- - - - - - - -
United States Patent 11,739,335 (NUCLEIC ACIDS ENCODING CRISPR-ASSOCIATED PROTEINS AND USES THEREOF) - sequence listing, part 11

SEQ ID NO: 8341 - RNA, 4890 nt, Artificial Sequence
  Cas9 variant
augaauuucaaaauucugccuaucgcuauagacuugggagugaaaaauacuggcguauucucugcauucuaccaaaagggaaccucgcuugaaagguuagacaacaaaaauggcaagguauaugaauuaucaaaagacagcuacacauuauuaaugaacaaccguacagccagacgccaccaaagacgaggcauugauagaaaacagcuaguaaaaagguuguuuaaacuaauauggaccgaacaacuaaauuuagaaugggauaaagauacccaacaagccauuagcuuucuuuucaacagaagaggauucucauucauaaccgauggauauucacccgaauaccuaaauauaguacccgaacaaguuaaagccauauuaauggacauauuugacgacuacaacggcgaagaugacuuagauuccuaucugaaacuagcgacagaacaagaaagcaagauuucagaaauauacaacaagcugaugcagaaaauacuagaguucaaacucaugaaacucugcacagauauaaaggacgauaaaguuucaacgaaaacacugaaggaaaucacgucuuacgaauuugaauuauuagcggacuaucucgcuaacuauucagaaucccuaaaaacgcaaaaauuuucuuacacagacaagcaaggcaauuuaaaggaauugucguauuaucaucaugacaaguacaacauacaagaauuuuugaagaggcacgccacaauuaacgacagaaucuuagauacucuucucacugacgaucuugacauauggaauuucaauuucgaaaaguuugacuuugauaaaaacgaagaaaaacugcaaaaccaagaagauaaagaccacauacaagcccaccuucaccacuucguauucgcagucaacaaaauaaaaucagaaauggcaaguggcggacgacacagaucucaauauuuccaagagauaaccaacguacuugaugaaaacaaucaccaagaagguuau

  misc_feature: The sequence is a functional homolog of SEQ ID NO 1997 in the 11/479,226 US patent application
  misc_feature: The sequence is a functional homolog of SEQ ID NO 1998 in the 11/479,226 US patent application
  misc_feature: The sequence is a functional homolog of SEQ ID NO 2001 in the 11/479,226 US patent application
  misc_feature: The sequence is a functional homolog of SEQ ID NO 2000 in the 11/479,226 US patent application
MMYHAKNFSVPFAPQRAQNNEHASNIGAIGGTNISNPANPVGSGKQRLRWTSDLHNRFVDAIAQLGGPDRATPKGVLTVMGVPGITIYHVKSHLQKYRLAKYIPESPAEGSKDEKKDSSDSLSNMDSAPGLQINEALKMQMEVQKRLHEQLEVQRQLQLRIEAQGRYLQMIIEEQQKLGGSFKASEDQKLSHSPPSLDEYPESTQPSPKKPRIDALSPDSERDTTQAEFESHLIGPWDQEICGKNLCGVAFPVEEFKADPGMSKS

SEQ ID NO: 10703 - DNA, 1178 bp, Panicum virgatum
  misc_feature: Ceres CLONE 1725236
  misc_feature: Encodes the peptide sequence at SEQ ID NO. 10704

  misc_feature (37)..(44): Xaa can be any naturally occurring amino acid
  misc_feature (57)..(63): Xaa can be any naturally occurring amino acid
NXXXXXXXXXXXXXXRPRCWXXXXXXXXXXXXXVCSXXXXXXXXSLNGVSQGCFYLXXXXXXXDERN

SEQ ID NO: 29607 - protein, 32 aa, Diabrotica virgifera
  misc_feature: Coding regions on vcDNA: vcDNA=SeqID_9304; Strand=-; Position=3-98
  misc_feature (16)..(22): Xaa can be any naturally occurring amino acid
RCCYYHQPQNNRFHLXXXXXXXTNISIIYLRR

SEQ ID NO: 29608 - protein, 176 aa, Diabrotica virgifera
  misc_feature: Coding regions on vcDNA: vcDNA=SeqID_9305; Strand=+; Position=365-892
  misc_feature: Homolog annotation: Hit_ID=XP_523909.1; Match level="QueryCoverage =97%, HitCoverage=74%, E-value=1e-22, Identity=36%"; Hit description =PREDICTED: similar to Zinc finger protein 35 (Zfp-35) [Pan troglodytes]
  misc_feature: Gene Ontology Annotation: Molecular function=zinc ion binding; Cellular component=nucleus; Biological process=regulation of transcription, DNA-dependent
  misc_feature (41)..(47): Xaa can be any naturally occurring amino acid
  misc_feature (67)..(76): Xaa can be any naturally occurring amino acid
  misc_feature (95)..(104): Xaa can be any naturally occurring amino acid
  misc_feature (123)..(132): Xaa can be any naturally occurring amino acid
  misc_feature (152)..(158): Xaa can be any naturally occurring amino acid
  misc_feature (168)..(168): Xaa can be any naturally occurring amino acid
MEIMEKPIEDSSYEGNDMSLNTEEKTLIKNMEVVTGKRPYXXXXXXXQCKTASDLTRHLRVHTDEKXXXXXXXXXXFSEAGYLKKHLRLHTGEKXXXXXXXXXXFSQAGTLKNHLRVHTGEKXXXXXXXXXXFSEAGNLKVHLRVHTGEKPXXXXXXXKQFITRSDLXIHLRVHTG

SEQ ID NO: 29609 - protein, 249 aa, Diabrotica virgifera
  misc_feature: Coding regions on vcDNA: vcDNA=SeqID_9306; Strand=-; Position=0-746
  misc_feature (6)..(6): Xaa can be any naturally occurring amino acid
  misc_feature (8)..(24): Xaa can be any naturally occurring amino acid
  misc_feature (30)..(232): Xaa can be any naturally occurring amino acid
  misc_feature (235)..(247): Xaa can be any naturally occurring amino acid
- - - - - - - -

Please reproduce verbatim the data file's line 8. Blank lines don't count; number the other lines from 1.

  misc_feature: The sequence is a functional homolog of SEQ ID NO 2000 in the 11/479,226 US patent application